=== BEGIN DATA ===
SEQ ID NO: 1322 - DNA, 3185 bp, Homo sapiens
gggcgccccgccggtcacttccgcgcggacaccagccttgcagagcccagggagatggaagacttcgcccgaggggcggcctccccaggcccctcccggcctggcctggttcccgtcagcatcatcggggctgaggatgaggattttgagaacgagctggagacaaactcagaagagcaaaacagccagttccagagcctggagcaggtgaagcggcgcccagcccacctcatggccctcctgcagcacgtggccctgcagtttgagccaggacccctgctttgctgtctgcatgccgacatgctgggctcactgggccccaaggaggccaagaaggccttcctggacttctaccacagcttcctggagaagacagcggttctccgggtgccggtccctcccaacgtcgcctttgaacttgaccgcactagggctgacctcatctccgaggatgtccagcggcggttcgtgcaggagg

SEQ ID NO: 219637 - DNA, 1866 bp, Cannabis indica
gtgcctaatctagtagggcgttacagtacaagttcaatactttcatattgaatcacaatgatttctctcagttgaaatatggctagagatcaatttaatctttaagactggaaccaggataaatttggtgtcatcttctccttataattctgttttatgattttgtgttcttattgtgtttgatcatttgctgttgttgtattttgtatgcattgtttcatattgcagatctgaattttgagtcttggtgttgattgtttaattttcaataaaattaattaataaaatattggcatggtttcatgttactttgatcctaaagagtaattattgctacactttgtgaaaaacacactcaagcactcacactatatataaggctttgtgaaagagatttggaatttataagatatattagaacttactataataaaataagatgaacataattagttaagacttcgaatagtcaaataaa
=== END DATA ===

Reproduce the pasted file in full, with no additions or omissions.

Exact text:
SEQ ID NO: 1322 - DNA, 3185 bp, Homo sapiens
gggcgccccgccggtcacttccgcgcggacaccagccttgcagagcccagggagatggaagacttcgcccgaggggcggcctccccaggcccctcccggcctggcctggttcccgtcagcatcatcggggctgaggatgaggattttgagaacgagctggagacaaactcagaagagcaaaacagccagttccagagcctggagcaggtgaagcggcgcccagcccacctcatggccctcctgcagcacgtggccctgcagtttgagccaggacccctgctttgctgtctgcatgccgacatgctgggctcactgggccccaaggaggccaagaaggccttcctggacttctaccacagcttcctggagaagacagcggttctccgggtgccggtccctcccaacgtcgcctttgaacttgaccgcactagggctgacctcatctccgaggatgtccagcggcggttcgtgcaggagg

SEQ ID NO: 219637 - DNA, 1866 bp, Cannabis indica
gtgcctaatctagtagggcgttacagtacaagttcaatactttcatattgaatcacaatgatttctctcagttgaaatatggctagagatcaatttaatctttaagactggaaccaggataaatttggtgtcatcttctccttataattctgttttatgattttgtgttcttattgtgtttgatcatttgctgttgttgtattttgtatgcattgtttcatattgcagatctgaattttgagtcttggtgttgattgtttaattttcaataaaattaattaataaaatattggcatggtttcatgttactttgatcctaaagagtaattattgctacactttgtgaaaaacacactcaagcactcacactatatataaggctttgtgaaagagatttggaatttataagatatattagaacttactataataaaataagatgaacataattagttaagacttcgaatagtcaaataaa